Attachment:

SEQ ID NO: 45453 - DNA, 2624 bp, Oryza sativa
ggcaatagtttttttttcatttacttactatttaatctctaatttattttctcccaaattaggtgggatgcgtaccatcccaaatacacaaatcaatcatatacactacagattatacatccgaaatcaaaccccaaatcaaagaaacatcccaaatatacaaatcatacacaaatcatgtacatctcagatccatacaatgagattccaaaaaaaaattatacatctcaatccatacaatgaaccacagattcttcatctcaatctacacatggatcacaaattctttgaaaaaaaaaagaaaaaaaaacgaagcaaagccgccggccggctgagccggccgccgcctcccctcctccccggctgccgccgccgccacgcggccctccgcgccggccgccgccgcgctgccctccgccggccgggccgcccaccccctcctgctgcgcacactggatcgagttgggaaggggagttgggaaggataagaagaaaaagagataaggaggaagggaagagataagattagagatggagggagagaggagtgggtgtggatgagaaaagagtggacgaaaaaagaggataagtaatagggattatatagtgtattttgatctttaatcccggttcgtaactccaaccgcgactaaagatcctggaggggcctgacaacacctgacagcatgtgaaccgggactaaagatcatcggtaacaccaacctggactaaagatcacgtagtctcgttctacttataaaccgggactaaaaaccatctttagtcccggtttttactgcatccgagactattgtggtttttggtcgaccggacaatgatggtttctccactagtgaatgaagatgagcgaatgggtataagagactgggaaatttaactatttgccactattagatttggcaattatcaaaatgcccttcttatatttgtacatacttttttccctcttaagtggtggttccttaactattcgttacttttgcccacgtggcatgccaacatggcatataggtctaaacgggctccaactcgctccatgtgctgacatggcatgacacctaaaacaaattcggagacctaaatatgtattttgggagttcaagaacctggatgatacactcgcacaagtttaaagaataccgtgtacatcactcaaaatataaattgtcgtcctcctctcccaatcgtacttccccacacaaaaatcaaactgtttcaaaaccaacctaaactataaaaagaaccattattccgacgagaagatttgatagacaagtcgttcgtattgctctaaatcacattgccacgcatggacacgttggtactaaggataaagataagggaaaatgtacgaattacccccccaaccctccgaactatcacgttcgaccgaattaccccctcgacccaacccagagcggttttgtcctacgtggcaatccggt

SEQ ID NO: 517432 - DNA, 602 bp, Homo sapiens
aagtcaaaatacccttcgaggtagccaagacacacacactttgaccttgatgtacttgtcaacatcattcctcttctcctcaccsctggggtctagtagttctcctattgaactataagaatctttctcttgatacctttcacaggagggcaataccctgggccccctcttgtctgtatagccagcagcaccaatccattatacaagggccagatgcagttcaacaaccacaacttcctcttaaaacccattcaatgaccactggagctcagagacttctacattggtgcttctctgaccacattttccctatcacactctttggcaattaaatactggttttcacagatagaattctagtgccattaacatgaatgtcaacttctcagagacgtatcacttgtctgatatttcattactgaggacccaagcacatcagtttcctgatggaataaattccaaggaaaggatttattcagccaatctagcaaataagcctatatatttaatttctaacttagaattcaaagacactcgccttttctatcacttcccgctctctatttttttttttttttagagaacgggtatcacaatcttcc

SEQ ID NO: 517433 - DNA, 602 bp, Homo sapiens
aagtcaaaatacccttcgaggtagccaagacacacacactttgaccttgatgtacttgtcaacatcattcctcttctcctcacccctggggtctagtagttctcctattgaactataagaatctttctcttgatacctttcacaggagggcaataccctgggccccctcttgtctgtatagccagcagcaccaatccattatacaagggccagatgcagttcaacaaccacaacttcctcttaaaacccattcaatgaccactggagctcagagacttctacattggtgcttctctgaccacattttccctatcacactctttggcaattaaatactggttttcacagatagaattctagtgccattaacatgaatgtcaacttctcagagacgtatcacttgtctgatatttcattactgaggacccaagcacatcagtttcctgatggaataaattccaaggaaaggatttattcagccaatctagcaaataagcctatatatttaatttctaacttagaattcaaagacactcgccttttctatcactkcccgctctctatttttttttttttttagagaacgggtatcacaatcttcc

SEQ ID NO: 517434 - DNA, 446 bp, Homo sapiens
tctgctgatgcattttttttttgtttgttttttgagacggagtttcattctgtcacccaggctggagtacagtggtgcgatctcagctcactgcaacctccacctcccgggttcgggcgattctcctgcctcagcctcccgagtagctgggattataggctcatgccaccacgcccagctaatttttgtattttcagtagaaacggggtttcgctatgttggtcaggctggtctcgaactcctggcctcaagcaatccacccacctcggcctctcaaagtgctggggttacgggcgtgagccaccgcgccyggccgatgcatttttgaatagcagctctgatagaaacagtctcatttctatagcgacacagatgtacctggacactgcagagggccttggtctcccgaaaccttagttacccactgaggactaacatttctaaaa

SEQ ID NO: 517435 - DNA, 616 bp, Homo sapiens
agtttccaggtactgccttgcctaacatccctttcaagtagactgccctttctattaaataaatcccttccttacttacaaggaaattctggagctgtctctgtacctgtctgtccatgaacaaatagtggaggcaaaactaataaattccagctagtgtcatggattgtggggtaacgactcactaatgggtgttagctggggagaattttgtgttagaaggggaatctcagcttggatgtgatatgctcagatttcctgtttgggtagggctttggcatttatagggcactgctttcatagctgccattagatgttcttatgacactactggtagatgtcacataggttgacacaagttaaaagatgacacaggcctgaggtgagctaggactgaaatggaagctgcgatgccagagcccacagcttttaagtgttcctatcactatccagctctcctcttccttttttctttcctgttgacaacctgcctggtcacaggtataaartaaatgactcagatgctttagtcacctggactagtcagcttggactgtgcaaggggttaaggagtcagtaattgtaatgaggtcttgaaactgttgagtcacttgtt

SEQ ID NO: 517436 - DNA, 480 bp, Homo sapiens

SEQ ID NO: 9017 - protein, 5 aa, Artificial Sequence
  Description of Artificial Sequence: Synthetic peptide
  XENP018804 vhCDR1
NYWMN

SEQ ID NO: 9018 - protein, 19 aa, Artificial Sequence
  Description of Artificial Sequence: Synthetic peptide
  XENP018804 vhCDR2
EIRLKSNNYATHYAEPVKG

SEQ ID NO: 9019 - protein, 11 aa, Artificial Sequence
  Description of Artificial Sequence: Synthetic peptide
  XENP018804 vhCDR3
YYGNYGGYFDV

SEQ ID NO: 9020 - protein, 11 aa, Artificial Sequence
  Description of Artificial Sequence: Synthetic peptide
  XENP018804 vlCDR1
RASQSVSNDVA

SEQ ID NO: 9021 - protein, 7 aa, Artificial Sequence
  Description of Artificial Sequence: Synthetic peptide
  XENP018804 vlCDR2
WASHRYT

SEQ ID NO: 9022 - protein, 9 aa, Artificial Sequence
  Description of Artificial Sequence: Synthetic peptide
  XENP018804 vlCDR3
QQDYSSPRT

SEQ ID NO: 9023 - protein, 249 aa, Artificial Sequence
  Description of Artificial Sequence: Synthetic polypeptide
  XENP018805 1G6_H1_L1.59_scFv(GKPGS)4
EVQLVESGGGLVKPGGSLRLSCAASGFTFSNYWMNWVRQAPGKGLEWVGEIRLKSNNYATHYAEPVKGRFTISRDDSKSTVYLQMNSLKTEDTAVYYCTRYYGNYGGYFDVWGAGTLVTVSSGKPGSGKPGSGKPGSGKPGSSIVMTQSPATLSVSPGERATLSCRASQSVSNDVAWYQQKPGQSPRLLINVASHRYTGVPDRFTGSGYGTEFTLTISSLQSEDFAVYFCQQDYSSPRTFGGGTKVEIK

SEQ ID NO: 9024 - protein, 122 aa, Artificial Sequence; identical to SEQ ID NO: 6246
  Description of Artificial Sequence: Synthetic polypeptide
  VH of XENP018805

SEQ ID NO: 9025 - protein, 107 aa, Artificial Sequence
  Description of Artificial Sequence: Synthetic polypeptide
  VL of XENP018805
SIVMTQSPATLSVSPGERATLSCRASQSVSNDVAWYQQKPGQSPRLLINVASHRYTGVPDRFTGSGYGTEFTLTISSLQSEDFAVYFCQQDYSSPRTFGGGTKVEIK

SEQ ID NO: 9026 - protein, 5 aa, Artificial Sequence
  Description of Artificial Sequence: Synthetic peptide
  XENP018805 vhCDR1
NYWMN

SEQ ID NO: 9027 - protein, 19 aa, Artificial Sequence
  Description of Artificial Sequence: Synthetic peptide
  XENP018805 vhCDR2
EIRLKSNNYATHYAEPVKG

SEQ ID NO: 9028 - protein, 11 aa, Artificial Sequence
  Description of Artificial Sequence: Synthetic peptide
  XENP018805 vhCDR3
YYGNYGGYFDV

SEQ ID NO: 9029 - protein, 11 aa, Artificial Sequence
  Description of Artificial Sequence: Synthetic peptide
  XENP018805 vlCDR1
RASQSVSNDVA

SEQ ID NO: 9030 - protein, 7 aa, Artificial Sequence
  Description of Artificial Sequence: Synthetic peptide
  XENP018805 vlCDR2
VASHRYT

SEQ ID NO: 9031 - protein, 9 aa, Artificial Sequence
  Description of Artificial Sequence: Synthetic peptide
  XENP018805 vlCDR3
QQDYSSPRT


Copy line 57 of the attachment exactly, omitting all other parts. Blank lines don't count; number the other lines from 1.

  XENP018805 vhCDR3